Project Canterbury

From The Works of the Rt. Rev. Charles C. Grafton (Volume 4),
edited by B. Talbot Rogers, New York: Longmans, Green, 1914, pp. 314-315

A Journey Godward
of a Servant of Jesus Christ



ANOTHER year has gone by with its work, its blessings, its mistakes, and its limitations, and we meet together in this sixty-sixth annual council.

Before I speak of those who have died, who have lived in the Diocese, or who have been associated with it, one naturally thinks of the great loss the Church has sustained in the death of the Bishop of Fond du Lac.

One of the greatest Bishops in the House of Bishops! There are very few who have had so large an influence in the Church in this country. His long life carries one back to the days of the later Tractarians; Bishop Wilkinson, Primate of Scotland, in one of his letters, writing about the first great London mission said there was a young American clergyman, whose sermons attracted a great deal of attention, a Mr. Grafton.

He was present at Dr. Neale's funeral, and intimate with Canon Carter, Canon Liddon, and priests of that generation. Throwing himself heart and soul into the Oxford movement, with Father Benson he was one of the founders of the Order of St. John the Evangelist.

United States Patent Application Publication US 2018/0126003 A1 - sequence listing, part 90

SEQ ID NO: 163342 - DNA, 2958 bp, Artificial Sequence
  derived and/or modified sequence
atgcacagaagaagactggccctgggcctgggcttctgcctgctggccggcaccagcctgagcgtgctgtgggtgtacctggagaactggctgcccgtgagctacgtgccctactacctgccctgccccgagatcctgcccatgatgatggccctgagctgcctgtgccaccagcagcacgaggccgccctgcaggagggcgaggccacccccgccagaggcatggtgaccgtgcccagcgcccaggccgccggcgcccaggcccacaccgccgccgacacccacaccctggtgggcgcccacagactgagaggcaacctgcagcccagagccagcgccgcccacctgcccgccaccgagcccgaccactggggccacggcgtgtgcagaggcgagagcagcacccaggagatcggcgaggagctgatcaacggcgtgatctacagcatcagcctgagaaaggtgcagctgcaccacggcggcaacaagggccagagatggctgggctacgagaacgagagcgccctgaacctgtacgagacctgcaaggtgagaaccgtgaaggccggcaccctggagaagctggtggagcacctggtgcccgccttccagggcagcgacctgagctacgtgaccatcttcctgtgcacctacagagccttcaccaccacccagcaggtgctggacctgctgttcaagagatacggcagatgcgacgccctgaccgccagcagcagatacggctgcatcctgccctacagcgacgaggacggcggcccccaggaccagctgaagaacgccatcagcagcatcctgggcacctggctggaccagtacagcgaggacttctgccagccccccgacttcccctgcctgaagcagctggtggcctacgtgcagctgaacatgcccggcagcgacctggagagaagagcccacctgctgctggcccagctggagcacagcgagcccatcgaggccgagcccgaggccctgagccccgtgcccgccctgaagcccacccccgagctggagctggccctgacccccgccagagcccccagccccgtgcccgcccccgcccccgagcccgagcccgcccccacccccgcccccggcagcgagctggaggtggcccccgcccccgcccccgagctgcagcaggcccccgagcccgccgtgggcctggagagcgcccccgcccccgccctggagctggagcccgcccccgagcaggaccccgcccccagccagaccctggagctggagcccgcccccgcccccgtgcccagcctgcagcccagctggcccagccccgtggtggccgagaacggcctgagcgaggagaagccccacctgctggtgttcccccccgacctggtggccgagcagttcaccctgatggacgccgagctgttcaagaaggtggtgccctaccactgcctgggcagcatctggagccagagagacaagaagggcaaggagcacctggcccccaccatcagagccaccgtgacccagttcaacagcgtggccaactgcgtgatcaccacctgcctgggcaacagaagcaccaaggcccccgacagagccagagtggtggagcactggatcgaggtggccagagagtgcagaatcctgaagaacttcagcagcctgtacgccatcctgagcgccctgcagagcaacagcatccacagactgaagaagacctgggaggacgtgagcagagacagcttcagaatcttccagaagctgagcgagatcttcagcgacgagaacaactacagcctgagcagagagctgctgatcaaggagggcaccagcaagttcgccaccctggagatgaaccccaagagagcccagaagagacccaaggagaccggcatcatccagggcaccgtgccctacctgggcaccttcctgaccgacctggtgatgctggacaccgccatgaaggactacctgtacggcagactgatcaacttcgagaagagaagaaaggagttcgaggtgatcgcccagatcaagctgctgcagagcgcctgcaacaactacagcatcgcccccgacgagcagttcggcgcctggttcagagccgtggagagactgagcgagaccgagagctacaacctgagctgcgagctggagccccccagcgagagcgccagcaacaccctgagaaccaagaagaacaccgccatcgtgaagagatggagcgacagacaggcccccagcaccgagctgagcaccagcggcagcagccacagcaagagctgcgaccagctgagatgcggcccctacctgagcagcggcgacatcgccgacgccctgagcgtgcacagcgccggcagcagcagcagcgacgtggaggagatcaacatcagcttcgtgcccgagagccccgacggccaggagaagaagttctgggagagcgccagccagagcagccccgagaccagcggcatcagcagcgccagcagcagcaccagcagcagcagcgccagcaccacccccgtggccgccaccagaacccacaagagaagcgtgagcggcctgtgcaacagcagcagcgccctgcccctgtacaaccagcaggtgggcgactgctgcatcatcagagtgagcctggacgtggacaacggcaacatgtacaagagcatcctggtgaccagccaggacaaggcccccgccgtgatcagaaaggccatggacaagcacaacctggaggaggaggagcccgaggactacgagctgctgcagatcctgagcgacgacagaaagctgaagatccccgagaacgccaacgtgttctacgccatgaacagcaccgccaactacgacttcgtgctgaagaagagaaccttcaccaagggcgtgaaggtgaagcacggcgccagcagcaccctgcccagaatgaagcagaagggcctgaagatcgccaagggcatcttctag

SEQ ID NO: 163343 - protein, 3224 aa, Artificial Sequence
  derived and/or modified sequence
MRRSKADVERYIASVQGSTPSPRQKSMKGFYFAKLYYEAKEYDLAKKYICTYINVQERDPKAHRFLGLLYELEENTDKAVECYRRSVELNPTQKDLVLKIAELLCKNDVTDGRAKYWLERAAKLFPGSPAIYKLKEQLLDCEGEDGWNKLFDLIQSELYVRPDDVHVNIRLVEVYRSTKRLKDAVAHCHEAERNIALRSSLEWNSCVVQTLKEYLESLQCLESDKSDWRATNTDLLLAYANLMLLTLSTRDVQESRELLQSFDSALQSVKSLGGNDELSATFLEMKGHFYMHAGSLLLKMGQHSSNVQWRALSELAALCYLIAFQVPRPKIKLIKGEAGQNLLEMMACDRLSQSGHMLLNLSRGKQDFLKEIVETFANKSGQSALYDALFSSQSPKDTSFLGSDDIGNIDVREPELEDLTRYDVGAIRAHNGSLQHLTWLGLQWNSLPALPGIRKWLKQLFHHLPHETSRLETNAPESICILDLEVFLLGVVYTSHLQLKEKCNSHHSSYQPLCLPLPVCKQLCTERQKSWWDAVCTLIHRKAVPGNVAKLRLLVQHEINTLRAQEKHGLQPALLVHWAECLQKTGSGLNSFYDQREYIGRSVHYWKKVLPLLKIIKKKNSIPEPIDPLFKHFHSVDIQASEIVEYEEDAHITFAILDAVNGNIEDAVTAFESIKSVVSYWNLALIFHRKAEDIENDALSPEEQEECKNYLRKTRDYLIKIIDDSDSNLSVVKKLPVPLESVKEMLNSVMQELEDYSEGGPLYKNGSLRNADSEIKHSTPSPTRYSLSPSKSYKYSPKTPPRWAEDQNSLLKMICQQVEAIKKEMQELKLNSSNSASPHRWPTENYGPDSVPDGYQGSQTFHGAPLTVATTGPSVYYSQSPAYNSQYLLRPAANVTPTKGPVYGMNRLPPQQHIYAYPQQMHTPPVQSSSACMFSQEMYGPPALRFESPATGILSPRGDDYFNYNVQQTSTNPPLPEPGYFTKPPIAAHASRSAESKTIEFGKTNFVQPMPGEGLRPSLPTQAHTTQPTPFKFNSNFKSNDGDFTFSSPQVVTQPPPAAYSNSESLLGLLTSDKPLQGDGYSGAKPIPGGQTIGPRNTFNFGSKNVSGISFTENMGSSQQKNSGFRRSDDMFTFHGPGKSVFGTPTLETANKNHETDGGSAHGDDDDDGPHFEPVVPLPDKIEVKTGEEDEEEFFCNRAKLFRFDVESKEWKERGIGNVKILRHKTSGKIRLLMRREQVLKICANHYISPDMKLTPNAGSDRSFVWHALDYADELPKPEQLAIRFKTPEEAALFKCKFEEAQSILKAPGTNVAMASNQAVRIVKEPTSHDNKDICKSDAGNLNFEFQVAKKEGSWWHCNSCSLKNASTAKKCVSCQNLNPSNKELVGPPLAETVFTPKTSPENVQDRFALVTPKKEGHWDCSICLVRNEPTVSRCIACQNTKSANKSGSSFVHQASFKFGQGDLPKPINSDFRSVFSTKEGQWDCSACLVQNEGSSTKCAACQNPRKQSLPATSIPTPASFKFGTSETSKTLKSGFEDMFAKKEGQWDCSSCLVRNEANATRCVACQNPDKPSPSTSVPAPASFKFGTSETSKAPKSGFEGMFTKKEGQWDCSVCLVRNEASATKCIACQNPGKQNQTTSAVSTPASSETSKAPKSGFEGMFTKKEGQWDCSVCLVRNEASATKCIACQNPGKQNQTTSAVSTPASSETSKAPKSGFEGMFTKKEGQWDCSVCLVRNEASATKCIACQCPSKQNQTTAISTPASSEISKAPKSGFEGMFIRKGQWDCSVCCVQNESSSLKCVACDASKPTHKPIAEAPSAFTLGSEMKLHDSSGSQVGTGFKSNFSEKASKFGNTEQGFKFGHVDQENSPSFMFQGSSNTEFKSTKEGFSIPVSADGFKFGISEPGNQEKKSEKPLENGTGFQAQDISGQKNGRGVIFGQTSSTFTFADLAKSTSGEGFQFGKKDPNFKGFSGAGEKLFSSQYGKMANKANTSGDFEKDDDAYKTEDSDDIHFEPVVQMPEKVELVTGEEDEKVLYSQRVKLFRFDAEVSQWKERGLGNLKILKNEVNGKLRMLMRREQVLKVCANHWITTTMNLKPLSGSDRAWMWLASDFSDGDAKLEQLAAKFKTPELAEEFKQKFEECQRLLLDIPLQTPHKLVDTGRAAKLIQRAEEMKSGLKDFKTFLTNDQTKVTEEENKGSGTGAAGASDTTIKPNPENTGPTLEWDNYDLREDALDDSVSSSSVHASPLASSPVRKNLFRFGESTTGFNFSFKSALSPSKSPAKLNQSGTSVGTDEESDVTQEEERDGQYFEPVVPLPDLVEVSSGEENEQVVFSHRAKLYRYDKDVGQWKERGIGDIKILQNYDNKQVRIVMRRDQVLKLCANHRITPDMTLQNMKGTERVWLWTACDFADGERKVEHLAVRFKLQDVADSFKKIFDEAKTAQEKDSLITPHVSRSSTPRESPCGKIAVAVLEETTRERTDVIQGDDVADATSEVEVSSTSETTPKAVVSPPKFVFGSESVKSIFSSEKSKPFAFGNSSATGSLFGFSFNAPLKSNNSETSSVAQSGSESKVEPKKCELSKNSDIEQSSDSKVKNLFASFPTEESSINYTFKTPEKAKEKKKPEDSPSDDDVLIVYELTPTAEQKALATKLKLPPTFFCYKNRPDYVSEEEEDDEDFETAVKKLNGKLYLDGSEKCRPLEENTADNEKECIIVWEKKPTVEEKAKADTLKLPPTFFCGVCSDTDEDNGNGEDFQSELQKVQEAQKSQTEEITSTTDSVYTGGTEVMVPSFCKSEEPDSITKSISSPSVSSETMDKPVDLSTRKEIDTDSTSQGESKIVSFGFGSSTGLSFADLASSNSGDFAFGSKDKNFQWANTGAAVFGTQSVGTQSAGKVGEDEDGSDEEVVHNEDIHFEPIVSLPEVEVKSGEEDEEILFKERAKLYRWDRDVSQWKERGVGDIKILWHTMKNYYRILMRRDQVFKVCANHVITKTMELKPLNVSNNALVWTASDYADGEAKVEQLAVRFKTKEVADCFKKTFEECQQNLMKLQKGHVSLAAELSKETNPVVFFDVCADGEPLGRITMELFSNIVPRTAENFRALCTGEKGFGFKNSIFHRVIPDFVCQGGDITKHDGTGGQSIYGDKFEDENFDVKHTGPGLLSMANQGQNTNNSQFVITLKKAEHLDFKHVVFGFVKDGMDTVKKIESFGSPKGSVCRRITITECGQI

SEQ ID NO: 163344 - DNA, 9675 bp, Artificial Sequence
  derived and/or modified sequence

He was probably the greatest master of the spiritual life in the American Church. I have been to many retreats for priests, conducted by some of the most prominent clergymen of this country and England, but I have never been to a retreat that seemed to me to approach one that Bishop Grafton gave for a body of clergy at Nashotah, in 1893. The marvelous spiritual insight, the deep evangelical piety, impressed us all very deeply.

A man of strong convictions, and absolutely fearless, he naturally at times aroused antagonism, but to few Bishops is it given to have such warm and devoted friends among the clergy.

Used to every luxury, and so situated that it might have been his had he wished it, he gave it all up, first in the life at Cowley, and then in Boston, leading the life of a true religious, and later, at Fond du Lac, his life was simplicity itself. Having been privileged to give a retreat for the Nativity Sisters, just a few days later than this, last year, I lived in his rooms for nearly a week, and I know the absolute simplicity of his life. He was then staying with the little group of men, who were making a trial of the religious life. I called upon him, and he said, "I want to die in a Religious House, in poverty like my Lord."

It was always said of him that he gave everything away, and his brother hesitated to give him anything because, he said, "Charles gives it away at once." His one thought was our Lord and His Church — it was really his passion, the Catholic Faith, the Unity of the Church. Only a few days before his death, he said to a certain New York priest, "You will let me preach at the General Convention; I have a message I want to give." He always had a message.

Many and many a vocation to the priesthood and religious life he aroused and fostered; many and many a soul he has won for our Blessed Lord. I think it is safe to say, that his life will stand out as the life of one of the great ecclesiastics of the American Church.

Transcribed by David Donnell, A.D. 2001

return to Project Canterbury